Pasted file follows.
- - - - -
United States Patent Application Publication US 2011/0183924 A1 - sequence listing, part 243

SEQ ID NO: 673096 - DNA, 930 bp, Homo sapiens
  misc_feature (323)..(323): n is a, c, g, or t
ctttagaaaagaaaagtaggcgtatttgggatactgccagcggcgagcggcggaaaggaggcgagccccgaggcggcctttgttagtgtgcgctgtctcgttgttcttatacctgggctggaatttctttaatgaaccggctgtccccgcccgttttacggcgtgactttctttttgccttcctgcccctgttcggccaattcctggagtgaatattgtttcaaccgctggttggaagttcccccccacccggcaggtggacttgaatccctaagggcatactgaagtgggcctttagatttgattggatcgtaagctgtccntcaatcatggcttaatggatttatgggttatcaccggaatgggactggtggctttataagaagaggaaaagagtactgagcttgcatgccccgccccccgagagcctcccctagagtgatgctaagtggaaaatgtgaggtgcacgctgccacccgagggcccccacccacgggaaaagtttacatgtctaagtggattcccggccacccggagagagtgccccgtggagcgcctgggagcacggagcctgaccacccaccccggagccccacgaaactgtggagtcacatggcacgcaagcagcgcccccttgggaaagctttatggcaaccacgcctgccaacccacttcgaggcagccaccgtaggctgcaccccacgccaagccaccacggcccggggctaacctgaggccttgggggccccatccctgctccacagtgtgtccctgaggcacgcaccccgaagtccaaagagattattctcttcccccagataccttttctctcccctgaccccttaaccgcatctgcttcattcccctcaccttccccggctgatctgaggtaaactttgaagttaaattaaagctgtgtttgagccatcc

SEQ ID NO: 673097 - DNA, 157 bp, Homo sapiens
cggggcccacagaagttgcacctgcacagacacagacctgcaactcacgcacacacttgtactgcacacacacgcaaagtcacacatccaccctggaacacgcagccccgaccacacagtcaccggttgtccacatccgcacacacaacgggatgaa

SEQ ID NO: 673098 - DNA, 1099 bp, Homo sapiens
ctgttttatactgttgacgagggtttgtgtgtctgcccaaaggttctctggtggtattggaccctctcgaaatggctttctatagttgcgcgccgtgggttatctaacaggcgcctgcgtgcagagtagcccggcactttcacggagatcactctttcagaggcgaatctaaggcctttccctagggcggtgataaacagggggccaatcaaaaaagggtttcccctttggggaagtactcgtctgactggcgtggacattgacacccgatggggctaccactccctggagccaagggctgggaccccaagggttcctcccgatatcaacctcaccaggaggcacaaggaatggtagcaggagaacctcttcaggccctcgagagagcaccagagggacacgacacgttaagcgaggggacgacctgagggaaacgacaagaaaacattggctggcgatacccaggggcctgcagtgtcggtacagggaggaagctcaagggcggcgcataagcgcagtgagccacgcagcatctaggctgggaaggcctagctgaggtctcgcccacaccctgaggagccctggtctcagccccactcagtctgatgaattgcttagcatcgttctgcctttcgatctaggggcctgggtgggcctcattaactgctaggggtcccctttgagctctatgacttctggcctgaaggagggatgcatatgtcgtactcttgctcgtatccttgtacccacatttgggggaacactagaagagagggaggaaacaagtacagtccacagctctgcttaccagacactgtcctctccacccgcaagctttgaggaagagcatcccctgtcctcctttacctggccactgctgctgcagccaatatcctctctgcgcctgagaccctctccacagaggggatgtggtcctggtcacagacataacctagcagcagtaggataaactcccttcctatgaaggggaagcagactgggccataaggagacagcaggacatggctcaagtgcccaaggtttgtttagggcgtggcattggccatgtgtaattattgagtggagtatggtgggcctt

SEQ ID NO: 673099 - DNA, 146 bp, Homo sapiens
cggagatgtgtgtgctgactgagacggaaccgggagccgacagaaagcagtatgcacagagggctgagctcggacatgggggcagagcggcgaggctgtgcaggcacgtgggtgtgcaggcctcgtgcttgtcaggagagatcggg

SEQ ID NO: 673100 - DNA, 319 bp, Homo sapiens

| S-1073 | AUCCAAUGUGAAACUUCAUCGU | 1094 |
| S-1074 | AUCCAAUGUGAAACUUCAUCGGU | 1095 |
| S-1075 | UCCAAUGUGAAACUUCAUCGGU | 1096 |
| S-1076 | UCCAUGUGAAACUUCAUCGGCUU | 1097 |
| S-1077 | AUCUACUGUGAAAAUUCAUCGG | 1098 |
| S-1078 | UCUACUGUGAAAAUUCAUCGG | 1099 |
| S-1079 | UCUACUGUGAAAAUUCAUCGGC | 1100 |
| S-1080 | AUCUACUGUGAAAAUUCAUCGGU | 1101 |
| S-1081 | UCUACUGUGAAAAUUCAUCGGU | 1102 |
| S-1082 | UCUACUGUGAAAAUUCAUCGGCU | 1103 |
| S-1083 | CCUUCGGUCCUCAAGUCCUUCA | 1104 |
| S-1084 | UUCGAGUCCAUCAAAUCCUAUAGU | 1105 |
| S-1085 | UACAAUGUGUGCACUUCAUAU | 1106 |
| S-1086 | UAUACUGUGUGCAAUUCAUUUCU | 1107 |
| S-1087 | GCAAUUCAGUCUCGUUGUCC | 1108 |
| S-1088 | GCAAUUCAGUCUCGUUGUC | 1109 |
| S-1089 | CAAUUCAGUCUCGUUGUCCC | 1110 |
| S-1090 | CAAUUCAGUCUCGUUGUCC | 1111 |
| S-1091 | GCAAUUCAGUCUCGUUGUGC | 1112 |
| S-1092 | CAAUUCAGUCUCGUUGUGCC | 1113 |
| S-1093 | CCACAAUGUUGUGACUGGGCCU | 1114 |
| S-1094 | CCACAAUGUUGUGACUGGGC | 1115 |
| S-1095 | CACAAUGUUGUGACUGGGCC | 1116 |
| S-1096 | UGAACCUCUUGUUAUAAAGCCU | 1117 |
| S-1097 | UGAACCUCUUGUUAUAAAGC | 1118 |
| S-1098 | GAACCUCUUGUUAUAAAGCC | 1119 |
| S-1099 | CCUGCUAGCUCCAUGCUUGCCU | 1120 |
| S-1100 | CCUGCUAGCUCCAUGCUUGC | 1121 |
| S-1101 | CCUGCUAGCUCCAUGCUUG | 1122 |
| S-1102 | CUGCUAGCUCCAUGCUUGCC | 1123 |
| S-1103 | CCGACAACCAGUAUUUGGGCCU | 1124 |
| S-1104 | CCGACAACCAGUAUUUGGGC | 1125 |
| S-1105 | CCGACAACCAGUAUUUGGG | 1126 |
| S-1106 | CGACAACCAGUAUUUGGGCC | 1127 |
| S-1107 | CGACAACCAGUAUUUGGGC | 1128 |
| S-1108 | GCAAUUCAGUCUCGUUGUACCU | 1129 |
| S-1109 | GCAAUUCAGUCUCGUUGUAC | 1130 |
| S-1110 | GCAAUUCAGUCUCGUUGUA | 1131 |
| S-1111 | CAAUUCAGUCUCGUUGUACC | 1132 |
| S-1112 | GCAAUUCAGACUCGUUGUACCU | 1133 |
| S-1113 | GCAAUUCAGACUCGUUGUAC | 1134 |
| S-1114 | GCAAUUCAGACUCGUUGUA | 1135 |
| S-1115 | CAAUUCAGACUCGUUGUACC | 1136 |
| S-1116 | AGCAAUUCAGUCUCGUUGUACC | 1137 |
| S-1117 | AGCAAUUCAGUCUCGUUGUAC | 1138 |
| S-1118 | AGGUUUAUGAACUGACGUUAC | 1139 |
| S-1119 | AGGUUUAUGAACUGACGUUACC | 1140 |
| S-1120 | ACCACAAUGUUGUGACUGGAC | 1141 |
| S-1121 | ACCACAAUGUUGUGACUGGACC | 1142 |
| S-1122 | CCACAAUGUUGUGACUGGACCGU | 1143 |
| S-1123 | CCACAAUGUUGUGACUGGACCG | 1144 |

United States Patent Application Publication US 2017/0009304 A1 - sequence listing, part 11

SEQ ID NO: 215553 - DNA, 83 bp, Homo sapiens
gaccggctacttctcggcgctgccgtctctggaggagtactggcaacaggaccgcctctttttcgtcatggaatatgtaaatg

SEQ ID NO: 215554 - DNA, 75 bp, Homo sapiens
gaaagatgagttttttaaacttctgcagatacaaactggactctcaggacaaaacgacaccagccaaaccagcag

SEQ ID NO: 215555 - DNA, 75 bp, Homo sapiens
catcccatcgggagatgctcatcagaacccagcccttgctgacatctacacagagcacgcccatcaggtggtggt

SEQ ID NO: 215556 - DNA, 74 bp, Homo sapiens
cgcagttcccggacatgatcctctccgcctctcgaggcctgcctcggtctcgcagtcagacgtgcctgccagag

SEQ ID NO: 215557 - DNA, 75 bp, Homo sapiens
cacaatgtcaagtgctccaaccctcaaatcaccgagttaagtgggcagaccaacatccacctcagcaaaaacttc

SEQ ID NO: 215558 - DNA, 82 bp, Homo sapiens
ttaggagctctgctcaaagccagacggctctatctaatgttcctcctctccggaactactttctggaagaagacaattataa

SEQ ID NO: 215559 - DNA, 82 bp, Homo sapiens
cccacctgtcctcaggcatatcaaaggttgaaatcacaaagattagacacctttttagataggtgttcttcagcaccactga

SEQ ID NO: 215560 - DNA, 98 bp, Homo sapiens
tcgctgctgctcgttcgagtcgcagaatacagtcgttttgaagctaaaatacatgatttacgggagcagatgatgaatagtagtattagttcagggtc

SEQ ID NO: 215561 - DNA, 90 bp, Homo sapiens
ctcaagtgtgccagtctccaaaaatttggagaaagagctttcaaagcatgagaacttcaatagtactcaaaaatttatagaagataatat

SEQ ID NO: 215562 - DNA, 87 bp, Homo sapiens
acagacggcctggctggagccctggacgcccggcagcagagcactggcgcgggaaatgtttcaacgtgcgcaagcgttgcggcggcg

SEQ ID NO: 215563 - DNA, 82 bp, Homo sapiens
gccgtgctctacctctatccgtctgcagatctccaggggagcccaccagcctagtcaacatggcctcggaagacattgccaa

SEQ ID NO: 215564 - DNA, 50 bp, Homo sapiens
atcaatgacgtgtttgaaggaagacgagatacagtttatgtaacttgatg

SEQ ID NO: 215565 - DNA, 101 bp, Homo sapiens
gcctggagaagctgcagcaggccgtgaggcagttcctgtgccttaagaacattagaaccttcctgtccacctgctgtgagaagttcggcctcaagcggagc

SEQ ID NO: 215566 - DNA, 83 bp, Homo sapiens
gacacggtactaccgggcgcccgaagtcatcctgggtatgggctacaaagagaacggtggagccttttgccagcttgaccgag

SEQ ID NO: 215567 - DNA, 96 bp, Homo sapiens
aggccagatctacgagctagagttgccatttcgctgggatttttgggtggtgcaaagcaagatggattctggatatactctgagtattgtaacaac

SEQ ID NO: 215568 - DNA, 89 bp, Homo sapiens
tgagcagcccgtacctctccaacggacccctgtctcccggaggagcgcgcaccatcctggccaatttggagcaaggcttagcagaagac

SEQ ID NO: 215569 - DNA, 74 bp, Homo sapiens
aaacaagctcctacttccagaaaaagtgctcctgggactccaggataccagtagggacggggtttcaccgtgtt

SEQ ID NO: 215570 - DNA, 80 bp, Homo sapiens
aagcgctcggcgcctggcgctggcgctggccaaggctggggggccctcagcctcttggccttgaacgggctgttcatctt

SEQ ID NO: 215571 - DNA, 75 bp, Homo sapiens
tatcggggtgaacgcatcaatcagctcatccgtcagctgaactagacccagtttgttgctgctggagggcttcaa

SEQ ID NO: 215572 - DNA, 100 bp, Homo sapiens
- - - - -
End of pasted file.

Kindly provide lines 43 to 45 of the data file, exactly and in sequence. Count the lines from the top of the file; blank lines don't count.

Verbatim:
| S-1104 | CCGACAACCAGUAUUUGGGC | 1125 |
| S-1105 | CCGACAACCAGUAUUUGGG | 1126 |
| S-1106 | CGACAACCAGUAUUUGGGCC | 1127 |